Organic Cosmetics Fraud

organic cosmetics fraudContrary to popular belief, the U.S. government doesn’t regulate cosmetics for safety, long-term health impacts or environmental damage. Many common cosmetics ingredients are harmful to people and the environment.

Consumers can avoid toxic ingredients by using USDA certified organic cosmetics. The trouble is, while the USDA allows cosmetics to be certified organic, it doesn’t require it. That’s why, as this new Story of Stuff Project video, The Story of Cosmetics, points out;

“On cosmetics labels, words like ‘herbal’, ‘natural’, even ‘organic’, have no legal definition. That means that anybody can put anything in a bottle and call it ‘natural.’ And they do!”

The Organic Consumers Association’s Coming Clean Campaign has been working to stop this fraud since 2004.

How to avoid organic cosmetics fraud

The word “organic” is not properly regulated on personal care products (example: toothpaste, shampoo, lotion, etc.) as it is on food products, unless the product is certified by the USDA National Organic Program.

Due to this lax regulation, many personal care products have the word “organic” in their brand name or otherwise on their product label, but, unless they are USDA certified, the main cleansing ingredients and preservatives are usually made with synthetic and petrochemical compounds.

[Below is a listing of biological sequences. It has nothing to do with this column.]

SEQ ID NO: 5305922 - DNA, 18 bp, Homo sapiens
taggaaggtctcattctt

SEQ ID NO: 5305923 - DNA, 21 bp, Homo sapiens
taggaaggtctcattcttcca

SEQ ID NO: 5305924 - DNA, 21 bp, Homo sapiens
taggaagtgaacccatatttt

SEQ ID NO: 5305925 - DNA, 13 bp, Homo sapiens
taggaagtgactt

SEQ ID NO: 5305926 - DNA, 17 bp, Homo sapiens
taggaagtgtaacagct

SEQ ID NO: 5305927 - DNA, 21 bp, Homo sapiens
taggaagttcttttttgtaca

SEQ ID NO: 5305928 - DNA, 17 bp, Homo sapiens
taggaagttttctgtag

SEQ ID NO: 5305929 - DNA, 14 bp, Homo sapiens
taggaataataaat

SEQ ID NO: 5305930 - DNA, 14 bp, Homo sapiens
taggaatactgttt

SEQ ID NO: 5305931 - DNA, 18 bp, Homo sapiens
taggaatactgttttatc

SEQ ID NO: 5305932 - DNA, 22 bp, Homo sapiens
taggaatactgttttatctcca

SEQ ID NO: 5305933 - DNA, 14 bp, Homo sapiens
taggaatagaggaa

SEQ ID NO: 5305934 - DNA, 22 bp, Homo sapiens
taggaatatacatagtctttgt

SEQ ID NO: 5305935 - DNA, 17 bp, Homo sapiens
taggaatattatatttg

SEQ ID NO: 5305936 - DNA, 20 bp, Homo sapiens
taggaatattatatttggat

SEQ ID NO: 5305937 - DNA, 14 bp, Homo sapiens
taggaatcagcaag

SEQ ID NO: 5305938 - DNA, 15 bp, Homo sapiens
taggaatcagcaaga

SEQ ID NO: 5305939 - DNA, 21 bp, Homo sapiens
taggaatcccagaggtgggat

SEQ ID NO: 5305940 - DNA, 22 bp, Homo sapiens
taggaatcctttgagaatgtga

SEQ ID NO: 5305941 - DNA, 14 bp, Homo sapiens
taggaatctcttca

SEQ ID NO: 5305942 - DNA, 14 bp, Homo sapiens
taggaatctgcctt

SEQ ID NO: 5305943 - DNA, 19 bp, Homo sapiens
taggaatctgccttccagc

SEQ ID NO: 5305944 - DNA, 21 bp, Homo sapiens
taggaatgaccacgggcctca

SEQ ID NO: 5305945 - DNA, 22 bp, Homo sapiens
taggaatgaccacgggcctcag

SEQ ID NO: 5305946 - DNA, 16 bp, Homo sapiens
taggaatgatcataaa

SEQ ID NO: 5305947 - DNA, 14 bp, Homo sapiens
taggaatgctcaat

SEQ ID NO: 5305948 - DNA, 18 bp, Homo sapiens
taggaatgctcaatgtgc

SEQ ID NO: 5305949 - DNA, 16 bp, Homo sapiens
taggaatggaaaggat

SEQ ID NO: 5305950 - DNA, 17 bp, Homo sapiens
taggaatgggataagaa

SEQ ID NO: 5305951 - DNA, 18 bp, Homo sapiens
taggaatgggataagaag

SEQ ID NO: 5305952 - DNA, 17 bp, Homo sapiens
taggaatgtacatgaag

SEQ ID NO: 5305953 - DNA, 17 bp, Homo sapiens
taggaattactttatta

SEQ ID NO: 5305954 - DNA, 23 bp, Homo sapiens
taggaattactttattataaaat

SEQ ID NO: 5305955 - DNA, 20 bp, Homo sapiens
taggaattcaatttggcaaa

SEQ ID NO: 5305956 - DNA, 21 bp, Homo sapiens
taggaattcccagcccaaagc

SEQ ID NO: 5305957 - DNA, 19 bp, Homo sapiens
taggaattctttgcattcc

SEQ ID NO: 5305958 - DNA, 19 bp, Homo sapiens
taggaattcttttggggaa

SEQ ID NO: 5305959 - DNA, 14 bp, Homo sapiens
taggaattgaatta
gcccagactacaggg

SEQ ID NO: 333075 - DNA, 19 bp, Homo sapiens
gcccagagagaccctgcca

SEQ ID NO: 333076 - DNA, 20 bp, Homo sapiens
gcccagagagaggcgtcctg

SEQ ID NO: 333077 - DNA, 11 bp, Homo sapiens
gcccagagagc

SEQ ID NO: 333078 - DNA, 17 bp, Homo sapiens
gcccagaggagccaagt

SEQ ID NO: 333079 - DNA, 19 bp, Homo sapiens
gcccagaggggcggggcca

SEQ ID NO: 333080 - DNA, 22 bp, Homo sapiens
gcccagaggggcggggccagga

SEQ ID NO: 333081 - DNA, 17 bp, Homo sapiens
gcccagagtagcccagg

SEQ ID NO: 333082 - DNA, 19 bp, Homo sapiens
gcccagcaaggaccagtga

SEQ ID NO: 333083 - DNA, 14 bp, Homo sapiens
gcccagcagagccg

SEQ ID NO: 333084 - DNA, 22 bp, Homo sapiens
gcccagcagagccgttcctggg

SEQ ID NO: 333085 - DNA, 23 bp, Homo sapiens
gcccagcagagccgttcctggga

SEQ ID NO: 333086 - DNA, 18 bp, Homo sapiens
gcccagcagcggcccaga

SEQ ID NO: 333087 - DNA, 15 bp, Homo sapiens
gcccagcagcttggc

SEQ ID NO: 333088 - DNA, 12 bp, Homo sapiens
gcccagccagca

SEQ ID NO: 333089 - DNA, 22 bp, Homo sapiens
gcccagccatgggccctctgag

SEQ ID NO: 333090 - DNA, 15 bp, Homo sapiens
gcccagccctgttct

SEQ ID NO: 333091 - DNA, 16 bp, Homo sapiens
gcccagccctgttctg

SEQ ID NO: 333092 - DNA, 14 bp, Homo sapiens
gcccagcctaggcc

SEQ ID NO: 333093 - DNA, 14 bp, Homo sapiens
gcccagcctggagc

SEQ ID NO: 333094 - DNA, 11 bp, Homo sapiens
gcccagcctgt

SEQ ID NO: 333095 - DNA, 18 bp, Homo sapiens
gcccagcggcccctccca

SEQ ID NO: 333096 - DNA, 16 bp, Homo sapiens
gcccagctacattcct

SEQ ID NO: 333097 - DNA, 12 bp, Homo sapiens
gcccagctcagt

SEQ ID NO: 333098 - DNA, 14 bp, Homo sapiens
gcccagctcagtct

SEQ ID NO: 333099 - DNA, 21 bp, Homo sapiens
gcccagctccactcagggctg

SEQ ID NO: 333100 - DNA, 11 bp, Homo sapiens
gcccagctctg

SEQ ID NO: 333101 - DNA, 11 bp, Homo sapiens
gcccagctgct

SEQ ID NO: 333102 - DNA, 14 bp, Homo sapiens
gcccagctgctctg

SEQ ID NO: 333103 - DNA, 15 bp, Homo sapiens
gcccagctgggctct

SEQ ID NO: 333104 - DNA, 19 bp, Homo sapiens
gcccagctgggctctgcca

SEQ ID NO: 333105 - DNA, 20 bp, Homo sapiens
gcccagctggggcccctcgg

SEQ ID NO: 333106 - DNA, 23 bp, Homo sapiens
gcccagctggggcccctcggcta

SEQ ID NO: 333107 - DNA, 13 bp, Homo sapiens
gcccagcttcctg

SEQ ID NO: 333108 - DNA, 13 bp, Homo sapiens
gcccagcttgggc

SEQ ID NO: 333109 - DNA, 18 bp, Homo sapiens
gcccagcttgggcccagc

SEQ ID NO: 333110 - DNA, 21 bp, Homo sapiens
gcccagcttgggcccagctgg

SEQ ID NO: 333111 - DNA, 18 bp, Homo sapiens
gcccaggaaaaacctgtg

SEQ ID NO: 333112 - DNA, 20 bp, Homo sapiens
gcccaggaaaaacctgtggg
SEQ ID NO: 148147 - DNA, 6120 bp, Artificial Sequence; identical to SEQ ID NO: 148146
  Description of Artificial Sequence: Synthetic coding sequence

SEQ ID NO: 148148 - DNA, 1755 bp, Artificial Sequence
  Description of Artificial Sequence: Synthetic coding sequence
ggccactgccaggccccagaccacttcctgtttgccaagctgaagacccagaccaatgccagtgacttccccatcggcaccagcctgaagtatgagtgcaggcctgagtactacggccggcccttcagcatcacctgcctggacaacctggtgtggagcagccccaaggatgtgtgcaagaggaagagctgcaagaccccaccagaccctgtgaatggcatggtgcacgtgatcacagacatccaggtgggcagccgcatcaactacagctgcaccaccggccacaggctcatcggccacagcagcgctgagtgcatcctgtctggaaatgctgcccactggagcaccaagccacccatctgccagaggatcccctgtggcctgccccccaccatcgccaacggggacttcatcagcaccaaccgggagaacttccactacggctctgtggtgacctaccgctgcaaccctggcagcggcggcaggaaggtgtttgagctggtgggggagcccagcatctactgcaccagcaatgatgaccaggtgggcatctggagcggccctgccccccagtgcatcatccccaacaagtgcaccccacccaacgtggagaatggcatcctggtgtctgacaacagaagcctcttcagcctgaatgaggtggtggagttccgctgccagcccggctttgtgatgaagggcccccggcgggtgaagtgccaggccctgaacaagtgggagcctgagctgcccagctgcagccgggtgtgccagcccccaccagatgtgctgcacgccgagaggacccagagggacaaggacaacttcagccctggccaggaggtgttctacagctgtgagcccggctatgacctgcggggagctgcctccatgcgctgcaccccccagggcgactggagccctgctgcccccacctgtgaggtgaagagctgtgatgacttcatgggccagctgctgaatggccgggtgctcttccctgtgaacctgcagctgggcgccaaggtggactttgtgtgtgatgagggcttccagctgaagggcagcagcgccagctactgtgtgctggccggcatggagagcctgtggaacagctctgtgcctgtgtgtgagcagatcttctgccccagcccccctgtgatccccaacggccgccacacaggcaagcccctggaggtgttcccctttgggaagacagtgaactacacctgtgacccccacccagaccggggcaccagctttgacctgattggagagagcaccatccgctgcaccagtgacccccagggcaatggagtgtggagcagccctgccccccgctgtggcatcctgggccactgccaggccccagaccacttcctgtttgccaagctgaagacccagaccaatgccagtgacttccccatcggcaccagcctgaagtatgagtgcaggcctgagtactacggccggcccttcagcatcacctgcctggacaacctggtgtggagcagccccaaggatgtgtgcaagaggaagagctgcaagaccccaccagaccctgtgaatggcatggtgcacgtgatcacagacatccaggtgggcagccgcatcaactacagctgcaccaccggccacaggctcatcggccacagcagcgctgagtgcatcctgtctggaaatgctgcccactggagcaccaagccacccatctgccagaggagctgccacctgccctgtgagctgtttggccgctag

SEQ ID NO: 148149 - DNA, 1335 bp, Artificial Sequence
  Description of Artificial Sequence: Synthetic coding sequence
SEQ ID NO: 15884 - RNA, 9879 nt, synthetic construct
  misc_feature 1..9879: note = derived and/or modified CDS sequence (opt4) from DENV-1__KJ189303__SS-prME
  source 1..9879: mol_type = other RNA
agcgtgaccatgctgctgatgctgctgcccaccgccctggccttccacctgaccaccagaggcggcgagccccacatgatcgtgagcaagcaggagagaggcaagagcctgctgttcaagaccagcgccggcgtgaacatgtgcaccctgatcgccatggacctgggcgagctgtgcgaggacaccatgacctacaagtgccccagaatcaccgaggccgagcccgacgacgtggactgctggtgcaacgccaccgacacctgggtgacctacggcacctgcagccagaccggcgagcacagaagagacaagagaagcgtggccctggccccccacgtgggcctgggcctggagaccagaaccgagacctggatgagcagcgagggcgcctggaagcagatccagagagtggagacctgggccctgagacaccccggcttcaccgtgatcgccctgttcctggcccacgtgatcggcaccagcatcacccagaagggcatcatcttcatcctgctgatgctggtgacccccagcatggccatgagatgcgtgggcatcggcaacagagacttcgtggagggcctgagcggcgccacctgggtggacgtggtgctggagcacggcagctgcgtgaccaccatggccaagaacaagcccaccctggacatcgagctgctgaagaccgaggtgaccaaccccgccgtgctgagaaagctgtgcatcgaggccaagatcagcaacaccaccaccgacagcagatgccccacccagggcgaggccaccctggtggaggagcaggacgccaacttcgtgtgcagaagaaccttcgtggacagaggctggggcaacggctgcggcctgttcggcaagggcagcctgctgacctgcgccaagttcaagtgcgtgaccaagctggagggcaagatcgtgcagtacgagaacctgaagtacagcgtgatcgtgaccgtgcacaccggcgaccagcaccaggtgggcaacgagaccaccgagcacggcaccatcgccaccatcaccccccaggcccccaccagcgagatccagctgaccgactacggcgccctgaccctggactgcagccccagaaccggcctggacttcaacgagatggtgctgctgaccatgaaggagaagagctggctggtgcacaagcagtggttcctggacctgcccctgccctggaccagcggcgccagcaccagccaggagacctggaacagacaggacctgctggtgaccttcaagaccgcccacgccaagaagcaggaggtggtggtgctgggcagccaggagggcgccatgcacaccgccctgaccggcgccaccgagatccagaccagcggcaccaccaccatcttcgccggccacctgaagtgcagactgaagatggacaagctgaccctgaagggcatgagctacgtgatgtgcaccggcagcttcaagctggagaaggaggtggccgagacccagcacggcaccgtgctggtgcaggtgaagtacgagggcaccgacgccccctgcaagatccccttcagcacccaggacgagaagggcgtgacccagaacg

Look for the USDA organic seal on personal care products that claim to be organic. Although there are multiple “organic” and “natural” standards, each with its own varying criteria, the USDA Organic Standards are the “gold standard” for personal care products.

If you want a product that is totally organic, look for the USDA organic seal. If it doesn’t have the seal, read the ingredient label to find out how many ingredients are truly organic and how many are synthetic.

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Stop TransFair’s “FairWash” of Personal Care!

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